Energy performance diagnosis (DPE) has become an essential component of property evaluation, helping buyers get an insight into the efficiency of buildings. However, there are concerns over the accuracy and fairness of DPE for small spaces. Joole, a company revolutionizing the way property diagnostics are conducted, highlights these issues and aims to create a more equitable process. This article explores the challenges faced in the current DPE system and how Joole seeks to address them.
A Fairer Evaluation for Smaller Spaces
Joole’s founder, Nicolas Laloum, points out that current energy performance diagnosis rankings don’t accurately represent smaller spaces. The ratio of heat loss surfaces to habitable area is significantly larger in smaller areas than in larger ones. As a result, even a well-insulated and efficiently heated 15m2 space will be classified as E, F, or G, whereas a slightly larger space with similar insulation can be ranked C or D.
For potential buyers comparing two insulated properties measuring 15m2 and 30m2, respectively, DPE alone fails to provide an accurate indicator of each property’s performance. To make the DPE calculation methodology fairer, it is crucial to adjust the system for all types of living spaces.
Reducing Errors in DPE Assessment
Laloum believes that regardless of the method used, it is vital to reduce errors during DPE assessments. Joole’s study highlighted two factors that contribute to inaccuracies: construction period and boiler type. The research found that 60% of these errors were unfavorable towards owners, meaning that the registered boiler type was reported to consume considerably more energy than the actual one installed.
The age of the building plays a significant factor in DPE modeling, and with building age worsening final energy consumption results, Joole aims to address these errors to provide more accurate evaluations.
The Impact of Competitive Pressure on Property Diagnostics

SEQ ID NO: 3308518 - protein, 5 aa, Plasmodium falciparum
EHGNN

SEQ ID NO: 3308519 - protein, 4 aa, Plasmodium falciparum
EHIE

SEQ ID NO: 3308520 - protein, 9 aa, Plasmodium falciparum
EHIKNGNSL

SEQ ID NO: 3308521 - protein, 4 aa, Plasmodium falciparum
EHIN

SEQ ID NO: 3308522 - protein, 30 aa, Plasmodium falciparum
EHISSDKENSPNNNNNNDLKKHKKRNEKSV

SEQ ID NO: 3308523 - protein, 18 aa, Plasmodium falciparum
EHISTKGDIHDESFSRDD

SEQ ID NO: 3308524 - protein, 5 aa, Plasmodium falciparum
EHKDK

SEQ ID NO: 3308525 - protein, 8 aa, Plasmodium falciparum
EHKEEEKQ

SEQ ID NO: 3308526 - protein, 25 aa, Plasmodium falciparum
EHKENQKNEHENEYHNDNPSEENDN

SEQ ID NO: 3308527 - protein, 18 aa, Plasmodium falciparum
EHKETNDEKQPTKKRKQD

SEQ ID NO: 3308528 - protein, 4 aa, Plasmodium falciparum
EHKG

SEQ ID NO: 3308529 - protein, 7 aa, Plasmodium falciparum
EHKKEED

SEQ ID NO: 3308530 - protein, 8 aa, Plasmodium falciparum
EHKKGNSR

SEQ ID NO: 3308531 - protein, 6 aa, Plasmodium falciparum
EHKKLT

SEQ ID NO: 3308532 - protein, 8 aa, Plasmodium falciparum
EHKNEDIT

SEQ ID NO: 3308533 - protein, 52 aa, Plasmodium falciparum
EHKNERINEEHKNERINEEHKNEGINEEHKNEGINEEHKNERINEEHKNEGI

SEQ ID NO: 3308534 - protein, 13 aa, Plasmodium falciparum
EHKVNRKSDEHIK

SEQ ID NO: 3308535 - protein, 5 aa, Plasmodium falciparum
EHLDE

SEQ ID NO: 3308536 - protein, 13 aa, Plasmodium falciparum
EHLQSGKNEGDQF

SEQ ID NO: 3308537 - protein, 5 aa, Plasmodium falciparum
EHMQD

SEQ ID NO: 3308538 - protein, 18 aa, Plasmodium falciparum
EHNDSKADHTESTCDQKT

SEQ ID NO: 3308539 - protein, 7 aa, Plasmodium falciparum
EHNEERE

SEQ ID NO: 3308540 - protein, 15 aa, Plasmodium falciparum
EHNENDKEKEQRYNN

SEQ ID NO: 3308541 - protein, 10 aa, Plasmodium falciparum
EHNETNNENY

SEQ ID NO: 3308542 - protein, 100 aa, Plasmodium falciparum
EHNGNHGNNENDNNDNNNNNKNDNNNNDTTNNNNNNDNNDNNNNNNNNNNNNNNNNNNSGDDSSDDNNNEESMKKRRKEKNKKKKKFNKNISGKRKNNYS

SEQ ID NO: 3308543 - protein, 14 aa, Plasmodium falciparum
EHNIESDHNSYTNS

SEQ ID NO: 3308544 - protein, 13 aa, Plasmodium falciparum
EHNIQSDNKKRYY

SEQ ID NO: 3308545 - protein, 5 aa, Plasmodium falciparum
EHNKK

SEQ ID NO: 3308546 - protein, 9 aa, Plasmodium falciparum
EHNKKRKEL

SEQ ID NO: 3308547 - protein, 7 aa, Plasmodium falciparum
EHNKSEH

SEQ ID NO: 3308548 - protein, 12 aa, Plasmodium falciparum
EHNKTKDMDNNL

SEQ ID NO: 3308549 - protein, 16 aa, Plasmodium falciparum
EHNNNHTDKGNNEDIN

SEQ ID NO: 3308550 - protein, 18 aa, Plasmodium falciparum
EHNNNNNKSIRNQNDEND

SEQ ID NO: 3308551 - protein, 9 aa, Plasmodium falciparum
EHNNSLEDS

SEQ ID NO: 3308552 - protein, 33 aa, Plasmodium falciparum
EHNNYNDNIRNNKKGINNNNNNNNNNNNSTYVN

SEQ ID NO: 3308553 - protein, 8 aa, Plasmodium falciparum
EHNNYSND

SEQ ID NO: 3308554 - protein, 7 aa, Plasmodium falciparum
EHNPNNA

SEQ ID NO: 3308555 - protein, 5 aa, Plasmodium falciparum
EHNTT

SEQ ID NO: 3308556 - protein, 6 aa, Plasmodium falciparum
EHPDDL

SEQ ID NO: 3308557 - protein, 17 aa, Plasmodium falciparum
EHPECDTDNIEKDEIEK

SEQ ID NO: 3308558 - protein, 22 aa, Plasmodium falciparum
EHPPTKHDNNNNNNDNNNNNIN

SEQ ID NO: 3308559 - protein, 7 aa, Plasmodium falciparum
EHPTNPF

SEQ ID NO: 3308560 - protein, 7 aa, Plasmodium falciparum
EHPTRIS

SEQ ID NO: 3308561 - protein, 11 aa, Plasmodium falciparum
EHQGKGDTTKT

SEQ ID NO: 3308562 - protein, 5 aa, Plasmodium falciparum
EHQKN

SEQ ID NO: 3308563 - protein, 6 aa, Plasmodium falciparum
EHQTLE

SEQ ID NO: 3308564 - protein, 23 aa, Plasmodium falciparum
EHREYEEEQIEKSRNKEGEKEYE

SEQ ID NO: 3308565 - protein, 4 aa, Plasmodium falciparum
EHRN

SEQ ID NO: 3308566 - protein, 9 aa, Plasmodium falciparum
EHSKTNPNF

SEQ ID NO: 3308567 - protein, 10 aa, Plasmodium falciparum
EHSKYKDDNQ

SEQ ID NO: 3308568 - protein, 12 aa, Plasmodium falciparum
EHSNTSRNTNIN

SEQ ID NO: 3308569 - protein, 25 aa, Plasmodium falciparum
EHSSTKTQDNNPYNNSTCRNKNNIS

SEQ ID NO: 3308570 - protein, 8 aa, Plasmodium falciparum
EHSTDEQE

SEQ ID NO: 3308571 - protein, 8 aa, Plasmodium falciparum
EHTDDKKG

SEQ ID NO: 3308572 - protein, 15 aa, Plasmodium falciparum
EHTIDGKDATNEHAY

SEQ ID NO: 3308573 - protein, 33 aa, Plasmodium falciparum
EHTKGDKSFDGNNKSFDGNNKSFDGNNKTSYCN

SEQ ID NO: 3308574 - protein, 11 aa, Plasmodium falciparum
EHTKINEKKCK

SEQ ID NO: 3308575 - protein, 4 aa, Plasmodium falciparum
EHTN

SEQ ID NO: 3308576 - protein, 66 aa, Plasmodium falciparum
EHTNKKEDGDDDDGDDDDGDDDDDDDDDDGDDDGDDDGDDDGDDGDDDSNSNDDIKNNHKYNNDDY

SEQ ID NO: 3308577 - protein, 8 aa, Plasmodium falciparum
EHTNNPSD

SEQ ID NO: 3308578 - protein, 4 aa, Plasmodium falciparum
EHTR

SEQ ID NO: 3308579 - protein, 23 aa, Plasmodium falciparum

One challenge facing the industry is competitive pressure in the real estate diagnostics market. The need to rapidly conduct evaluations often leaves assessors lacking the requisite time and resources for thorough investigations. This leads to inconsistencies in pricing, ranging from 200 to 900 euros for the same service.
Joole’s approach intends to overcome this hurdle by providing a platform that allows assessors and individuals to find reliable, certified professionals with consistent pricing structures. Furthermore, assessors can leverage each other’s expertise in case of doubt, enhancing overall accuracy in property diagnostics.
Data-Driven Assessments: Joole’s Solution
When an assessor arrives at a property, they already have access to essential data points entered into the Joole system. As Nicolas Laloum explains, this curated database is designed to streamline assessments, reducing time spent gathering information and ultimately improving accuracy.
Regarding collective boiler data, Joole takes into account the most represented boiler type in DPEs conducted after 2021 and considers it as the actual boiler type for each building. The company does acknowledge that this method may not be entirely precise but maintains that it strives to systematically underestimate error count wherever possible.
- The current energy performance diagnosis (DPE) ranking system is not adequately representing smaller spaces, creating unfair comparisons between properties.
- Reducing errors in DPE evaluations is crucial, with factors such as construction period and boiler type contributing to inaccuracies.
- Competitive pressure in the real estate diagnostics market limits proficiency and consistency, leading to discrepancies in pricing and assessment quality.
- Joole aims to revolutionize the industry by providing a data-driven platform that connects assessors and individuals, reducing errors and ensuring accurate evaluations for all property types.
In conclusion, while energy performance diagnosis is an indispensable tool for property evaluation, revisions are necessary to ensure accuracy and fairness. Joole’s objective is to create a more equitable system that considers the nuances of smaller spaces, reduces evaluation errors, and addresses competitive pressure within the industry. By achieving these goals, both buyers and sellers can enjoy enhanced transparency and trust in property diagnostics outcomes.